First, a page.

People & Money

Manufacturers Spent N71.22Bn To Provide Alternative Power In 2021

The Manufacturers Association of Nigeria spent N71.22billon to provide alternative energy for its operational activities for the fiscal year 2021. This is however a cheering news when compared to N81.91 billion spent on their operations in  2020.

Analysts say this amount would have been enough to build a few megawatts power plants that may provide stable electricity to the association members.

A further breakdown of the expenditure indicates that the Association spent N45.04 billion in the second half of 2021 as against the N57.75 billion recorded in the corresponding half of 2020; thus, indicating a N12.71 billion or 22.0 percent decline over the period.

However, it increased by N12.86 billion or 40.0 percent when compared with N32.18 billion in the preceding half.

This is according to the Data collected in respect of electricity supply from the national grid to its members according to its 2021 July –December report.

The Average daily supply of electricity during the period under review was stable at 11 hours while power outage was three times per day respectively.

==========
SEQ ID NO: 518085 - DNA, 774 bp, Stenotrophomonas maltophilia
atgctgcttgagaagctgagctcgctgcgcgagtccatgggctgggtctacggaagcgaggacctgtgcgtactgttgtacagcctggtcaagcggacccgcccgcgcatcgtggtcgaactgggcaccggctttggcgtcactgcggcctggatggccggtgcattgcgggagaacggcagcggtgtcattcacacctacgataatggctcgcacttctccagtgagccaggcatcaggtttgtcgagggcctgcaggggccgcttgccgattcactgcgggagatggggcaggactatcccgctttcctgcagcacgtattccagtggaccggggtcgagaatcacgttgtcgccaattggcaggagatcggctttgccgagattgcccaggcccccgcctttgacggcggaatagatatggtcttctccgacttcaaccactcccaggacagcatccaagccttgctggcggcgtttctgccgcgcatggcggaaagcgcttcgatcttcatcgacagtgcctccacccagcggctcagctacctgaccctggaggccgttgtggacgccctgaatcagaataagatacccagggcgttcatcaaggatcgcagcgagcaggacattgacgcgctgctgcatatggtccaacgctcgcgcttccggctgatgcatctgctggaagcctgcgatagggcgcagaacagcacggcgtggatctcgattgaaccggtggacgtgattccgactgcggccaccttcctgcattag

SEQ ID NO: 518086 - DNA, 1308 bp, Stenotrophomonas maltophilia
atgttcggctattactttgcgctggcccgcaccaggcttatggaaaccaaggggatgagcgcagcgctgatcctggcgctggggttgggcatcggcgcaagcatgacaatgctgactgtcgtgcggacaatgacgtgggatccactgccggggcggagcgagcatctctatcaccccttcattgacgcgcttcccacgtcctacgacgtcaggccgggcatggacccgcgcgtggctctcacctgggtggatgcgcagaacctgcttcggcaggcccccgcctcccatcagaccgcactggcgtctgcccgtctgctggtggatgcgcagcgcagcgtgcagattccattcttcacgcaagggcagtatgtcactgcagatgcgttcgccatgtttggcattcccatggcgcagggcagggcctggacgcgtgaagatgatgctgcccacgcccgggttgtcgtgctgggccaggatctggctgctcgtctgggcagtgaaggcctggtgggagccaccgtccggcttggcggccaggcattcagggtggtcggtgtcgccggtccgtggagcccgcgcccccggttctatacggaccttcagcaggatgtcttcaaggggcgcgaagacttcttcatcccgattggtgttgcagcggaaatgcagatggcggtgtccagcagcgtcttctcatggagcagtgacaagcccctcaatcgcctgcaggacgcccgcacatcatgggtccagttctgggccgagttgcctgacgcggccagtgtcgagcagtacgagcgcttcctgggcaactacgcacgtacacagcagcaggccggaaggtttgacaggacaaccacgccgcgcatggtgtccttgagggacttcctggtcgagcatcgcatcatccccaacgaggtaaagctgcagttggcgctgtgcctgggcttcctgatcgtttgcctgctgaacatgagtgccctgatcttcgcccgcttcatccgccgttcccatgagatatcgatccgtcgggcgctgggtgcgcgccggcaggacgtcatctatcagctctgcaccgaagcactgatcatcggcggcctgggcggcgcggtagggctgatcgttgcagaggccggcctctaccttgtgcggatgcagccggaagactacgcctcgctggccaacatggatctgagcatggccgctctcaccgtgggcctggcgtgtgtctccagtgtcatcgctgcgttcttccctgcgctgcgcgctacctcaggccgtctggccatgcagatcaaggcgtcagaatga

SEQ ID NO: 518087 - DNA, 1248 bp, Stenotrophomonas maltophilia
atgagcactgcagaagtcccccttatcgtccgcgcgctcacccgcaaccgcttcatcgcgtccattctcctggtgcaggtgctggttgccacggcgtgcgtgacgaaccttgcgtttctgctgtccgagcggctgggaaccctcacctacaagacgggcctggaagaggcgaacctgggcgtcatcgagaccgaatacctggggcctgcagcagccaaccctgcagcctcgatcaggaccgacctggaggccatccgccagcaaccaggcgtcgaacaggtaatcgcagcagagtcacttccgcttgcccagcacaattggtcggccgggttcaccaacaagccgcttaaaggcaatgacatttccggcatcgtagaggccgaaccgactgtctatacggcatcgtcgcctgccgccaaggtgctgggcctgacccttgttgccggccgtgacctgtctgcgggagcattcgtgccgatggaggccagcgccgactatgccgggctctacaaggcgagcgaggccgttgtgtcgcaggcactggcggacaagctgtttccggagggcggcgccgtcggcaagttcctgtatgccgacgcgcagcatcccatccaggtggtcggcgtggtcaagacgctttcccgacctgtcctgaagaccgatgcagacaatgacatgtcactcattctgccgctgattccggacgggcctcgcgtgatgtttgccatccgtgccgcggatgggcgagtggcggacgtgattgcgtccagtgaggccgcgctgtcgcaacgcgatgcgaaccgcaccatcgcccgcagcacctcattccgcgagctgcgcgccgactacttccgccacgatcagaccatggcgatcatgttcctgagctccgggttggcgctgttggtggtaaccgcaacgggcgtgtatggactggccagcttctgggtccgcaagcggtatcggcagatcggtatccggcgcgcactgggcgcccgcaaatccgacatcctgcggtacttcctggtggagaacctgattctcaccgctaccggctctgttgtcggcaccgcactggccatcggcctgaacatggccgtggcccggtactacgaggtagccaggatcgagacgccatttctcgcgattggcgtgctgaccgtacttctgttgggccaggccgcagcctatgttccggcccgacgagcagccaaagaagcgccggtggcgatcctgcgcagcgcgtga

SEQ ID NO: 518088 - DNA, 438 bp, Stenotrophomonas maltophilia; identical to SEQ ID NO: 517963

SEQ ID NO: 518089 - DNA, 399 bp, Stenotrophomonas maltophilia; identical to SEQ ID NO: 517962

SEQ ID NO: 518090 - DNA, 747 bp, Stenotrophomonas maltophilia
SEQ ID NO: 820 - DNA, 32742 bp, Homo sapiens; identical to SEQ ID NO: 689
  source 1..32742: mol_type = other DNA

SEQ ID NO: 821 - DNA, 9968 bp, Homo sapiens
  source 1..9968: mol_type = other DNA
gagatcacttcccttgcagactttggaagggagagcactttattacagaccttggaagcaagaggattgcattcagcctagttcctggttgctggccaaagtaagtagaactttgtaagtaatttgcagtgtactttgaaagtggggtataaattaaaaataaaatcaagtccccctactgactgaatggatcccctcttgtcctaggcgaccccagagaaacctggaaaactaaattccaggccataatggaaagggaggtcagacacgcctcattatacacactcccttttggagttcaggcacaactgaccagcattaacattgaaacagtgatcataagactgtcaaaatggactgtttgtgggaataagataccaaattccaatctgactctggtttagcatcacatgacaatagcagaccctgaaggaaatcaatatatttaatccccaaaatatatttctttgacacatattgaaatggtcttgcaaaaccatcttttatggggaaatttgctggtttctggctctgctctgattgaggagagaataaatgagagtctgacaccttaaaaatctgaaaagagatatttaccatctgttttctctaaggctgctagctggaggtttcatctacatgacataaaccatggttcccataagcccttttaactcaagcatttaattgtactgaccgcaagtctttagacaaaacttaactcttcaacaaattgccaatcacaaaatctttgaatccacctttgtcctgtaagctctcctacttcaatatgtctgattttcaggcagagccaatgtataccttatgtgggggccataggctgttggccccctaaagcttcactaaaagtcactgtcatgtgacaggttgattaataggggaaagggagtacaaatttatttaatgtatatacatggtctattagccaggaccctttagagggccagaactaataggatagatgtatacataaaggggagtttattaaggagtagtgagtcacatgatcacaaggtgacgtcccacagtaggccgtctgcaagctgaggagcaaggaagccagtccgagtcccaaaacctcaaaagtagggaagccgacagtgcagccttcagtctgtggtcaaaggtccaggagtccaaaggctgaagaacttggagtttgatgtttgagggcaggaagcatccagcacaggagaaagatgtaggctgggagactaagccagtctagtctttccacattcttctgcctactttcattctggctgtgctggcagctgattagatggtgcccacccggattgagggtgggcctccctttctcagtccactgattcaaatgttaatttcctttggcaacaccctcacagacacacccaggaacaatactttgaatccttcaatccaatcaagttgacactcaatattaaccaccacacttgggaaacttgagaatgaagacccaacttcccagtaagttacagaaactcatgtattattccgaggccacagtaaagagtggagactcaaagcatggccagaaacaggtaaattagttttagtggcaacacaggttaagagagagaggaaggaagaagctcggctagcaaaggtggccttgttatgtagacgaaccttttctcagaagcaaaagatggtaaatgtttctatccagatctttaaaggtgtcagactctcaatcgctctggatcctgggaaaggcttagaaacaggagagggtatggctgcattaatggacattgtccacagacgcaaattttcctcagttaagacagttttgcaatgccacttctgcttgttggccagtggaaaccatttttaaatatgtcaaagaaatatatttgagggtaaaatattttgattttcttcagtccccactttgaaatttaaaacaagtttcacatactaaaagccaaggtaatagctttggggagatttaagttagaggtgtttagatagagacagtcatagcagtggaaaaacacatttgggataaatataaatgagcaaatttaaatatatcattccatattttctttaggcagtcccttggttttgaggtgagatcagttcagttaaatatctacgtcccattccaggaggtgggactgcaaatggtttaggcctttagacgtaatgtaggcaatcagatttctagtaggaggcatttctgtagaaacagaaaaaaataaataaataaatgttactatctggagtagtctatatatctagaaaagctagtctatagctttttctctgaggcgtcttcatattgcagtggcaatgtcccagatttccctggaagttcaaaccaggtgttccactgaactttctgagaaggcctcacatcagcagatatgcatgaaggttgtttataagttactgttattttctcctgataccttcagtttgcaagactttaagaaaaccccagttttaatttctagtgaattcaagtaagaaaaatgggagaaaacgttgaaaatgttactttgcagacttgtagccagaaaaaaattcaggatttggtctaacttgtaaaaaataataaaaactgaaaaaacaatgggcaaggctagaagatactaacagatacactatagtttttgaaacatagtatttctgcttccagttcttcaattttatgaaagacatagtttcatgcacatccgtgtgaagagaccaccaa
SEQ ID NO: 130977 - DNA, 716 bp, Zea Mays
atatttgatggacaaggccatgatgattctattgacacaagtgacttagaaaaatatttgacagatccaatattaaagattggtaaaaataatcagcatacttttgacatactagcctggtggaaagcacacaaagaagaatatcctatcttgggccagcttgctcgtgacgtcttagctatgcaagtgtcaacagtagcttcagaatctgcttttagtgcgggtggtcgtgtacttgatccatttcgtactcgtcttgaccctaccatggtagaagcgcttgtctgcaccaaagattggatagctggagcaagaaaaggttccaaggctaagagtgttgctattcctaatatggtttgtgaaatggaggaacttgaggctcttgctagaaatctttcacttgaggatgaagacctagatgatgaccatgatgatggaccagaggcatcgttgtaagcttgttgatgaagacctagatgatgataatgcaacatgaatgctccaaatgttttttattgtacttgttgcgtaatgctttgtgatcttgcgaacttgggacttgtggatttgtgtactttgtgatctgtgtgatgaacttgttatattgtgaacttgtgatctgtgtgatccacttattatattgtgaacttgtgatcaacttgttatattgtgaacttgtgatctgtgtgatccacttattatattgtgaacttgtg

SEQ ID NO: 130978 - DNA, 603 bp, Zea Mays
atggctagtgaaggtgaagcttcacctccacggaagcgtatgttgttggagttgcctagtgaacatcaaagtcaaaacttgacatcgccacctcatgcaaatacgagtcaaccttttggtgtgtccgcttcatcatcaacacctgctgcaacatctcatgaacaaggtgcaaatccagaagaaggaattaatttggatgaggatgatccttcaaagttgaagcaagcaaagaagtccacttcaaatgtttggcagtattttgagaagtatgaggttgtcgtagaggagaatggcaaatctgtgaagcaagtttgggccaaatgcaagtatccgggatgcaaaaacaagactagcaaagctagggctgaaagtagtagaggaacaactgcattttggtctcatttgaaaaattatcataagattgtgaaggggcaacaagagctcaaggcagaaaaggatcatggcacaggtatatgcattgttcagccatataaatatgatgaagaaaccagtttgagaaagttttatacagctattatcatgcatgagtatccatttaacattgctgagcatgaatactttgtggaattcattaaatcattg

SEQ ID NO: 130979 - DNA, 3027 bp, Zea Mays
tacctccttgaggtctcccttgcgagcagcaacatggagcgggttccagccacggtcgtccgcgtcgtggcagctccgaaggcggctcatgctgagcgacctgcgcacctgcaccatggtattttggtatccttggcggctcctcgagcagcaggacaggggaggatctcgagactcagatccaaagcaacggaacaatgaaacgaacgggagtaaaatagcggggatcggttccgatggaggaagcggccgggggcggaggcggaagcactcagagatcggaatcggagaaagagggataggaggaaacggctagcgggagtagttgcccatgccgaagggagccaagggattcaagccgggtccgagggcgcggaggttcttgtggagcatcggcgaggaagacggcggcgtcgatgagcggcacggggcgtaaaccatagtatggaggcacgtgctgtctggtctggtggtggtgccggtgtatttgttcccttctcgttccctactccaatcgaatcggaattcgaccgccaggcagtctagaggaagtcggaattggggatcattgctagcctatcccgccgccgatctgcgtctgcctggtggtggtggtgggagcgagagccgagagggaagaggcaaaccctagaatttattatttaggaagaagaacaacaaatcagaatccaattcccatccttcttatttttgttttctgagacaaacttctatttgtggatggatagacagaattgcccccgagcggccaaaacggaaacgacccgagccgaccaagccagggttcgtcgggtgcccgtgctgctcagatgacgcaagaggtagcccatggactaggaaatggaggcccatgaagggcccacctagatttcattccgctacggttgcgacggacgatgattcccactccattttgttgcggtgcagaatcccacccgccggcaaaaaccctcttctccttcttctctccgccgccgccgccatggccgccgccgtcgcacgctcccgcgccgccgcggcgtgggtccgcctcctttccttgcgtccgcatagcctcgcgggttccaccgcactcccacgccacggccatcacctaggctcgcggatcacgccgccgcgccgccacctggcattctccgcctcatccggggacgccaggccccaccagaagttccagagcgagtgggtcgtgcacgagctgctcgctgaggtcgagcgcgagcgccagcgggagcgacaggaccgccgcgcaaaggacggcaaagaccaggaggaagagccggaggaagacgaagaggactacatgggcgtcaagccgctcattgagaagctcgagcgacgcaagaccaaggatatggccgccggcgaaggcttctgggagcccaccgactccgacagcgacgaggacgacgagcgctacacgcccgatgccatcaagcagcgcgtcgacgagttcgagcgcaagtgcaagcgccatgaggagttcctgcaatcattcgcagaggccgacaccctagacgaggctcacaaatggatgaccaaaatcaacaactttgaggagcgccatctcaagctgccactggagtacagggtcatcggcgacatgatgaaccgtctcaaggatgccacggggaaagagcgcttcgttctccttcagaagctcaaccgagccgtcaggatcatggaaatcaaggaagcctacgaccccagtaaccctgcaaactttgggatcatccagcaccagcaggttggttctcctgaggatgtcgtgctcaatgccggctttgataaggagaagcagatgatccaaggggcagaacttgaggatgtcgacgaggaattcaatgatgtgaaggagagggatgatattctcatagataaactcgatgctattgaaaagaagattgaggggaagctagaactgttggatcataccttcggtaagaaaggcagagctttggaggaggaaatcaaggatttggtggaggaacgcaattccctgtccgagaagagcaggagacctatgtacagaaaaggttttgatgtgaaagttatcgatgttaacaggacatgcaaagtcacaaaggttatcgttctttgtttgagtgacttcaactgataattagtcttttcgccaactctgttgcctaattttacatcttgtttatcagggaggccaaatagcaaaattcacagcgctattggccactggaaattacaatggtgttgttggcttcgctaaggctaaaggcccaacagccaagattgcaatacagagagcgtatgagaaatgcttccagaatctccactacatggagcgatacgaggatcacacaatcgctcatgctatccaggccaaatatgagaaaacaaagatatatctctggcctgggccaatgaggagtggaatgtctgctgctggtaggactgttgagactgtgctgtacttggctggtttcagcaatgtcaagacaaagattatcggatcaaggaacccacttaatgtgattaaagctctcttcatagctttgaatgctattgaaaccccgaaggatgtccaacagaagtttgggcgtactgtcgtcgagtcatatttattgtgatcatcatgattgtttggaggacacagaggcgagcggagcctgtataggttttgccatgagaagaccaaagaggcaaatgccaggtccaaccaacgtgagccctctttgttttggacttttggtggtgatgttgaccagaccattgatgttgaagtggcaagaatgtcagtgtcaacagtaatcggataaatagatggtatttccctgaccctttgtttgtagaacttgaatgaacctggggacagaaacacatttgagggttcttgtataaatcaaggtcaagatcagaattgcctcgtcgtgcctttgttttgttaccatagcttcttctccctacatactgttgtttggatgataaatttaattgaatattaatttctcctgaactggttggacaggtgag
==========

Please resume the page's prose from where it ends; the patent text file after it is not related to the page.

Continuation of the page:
Also Read: Nigerian Manufacturers Groan As Unsold Inventory Rises Amid Forex Shortage

In the second half of 2021, the average cost of borrowing in the sector from the commercial banks was 24.0 percent as against 22 percent in the corresponding half in 2020 and 19 percent in the preceding half. The cost of capital in the sector averaged 21.5 percent in 2021 as against 20.8 percent in 2020. Consequently, the cost of loanable funds maintained key challenges to the manufacturing in the half under review notwithstanding the monetary easing stance of the Central Bank of Nigeria as underscored by the retention of the Monetary Policy Rate MPR at 11.5% with the asymmetric corridor at +100/-700 around MPR; Credit Reserve Ratio (CRR) at 27.5% and Liquidity Ratio at 30% since November 2020.

The association has, however, responded to the latest Central Bank of Nigeria’s monetary policy as it said the increase in MPR has widened the journey farther away from the preferred single-digit interest rate regime. It is not manufacturing friendly considering the myriad of binding constraints already limiting the performance of the sector. MAN is therefore concerned about the ripple effects of this decision and its implications for the manufacturing sector that is visibly struggling to survive the numerous strangulating fiscal and monetary policy measures and reforms.

Consequently, manufacturers are hopeful that the stringent conditionalities for accessing available development funding windows with the CBN will be relaxed to improve the flow of long-term loans to the manufacturing sector at the single-digit interest rate. The expectation is that MPC will ensure that future adjustments of MPR take into consideration the trend of core inflation rather than basing decisions on the headline and food inflation. This will no doubt shield the sector from the backlashes from the 13.5% MPR, ramp up production and guarantee sustained growth in the overall best interest of the economy.

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